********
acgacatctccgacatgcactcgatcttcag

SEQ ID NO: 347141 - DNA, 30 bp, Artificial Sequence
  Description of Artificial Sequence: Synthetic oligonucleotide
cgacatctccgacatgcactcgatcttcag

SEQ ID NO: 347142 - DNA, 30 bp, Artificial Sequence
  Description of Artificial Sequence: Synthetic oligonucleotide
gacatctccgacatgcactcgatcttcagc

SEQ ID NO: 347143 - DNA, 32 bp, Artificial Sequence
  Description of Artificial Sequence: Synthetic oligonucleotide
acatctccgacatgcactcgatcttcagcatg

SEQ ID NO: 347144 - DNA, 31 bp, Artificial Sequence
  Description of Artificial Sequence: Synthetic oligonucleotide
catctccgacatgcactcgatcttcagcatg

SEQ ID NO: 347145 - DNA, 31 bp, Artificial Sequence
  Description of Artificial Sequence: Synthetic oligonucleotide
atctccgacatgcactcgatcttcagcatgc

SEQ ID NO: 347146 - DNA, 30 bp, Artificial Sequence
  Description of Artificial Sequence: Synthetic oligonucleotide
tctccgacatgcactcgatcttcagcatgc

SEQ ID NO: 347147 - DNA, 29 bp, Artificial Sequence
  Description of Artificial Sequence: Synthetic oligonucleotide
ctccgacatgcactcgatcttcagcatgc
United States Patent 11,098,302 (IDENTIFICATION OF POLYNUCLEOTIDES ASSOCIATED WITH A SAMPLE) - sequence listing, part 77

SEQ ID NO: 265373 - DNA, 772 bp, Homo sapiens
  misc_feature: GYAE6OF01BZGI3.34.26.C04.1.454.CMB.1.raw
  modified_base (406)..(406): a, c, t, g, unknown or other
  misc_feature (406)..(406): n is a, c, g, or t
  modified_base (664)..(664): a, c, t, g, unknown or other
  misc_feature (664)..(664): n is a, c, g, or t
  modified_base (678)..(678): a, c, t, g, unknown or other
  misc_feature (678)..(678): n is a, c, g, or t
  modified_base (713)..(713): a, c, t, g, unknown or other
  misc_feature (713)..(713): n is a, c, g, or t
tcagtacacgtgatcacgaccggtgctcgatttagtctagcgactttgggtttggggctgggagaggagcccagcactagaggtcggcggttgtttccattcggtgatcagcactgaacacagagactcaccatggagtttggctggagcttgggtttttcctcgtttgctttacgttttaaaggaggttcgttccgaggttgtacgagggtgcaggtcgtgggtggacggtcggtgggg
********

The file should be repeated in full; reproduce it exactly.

acgacatctccgacatgcactcgatcttcag

SEQ ID NO: 347141 - DNA, 30 bp, Artificial Sequence
  Description of Artificial Sequence: Synthetic oligonucleotide
cgacatctccgacatgcactcgatcttcag

SEQ ID NO: 347142 - DNA, 30 bp, Artificial Sequence
  Description of Artificial Sequence: Synthetic oligonucleotide
gacatctccgacatgcactcgatcttcagc

SEQ ID NO: 347143 - DNA, 32 bp, Artificial Sequence
  Description of Artificial Sequence: Synthetic oligonucleotide
acatctccgacatgcactcgatcttcagcatg

SEQ ID NO: 347144 - DNA, 31 bp, Artificial Sequence
  Description of Artificial Sequence: Synthetic oligonucleotide
catctccgacatgcactcgatcttcagcatg

SEQ ID NO: 347145 - DNA, 31 bp, Artificial Sequence
  Description of Artificial Sequence: Synthetic oligonucleotide
atctccgacatgcactcgatcttcagcatgc

SEQ ID NO: 347146 - DNA, 30 bp, Artificial Sequence
  Description of Artificial Sequence: Synthetic oligonucleotide
tctccgacatgcactcgatcttcagcatgc

SEQ ID NO: 347147 - DNA, 29 bp, Artificial Sequence
  Description of Artificial Sequence: Synthetic oligonucleotide
ctccgacatgcactcgatcttcagcatgc
United States Patent 11,098,302 (IDENTIFICATION OF POLYNUCLEOTIDES ASSOCIATED WITH A SAMPLE) - sequence listing, part 77

SEQ ID NO: 265373 - DNA, 772 bp, Homo sapiens
  misc_feature: GYAE6OF01BZGI3.34.26.C04.1.454.CMB.1.raw
  modified_base (406)..(406): a, c, t, g, unknown or other
  misc_feature (406)..(406): n is a, c, g, or t
  modified_base (664)..(664): a, c, t, g, unknown or other
  misc_feature (664)..(664): n is a, c, g, or t
  modified_base (678)..(678): a, c, t, g, unknown or other
  misc_feature (678)..(678): n is a, c, g, or t
  modified_base (713)..(713): a, c, t, g, unknown or other
  misc_feature (713)..(713): n is a, c, g, or t
tcagtacacgtgatcacgaccggtgctcgatttagtctagcgactttgggtttggggctgggagaggagcccagcactagaggtcggcggttgtttccattcggtgatcagcactgaacacagagactcaccatggagtttggctggagcttgggtttttcctcgtttgctttacgttttaaaggaggttcgttccgaggttgtacgagggtgcaggtcgtgggtggacggtcggtgggg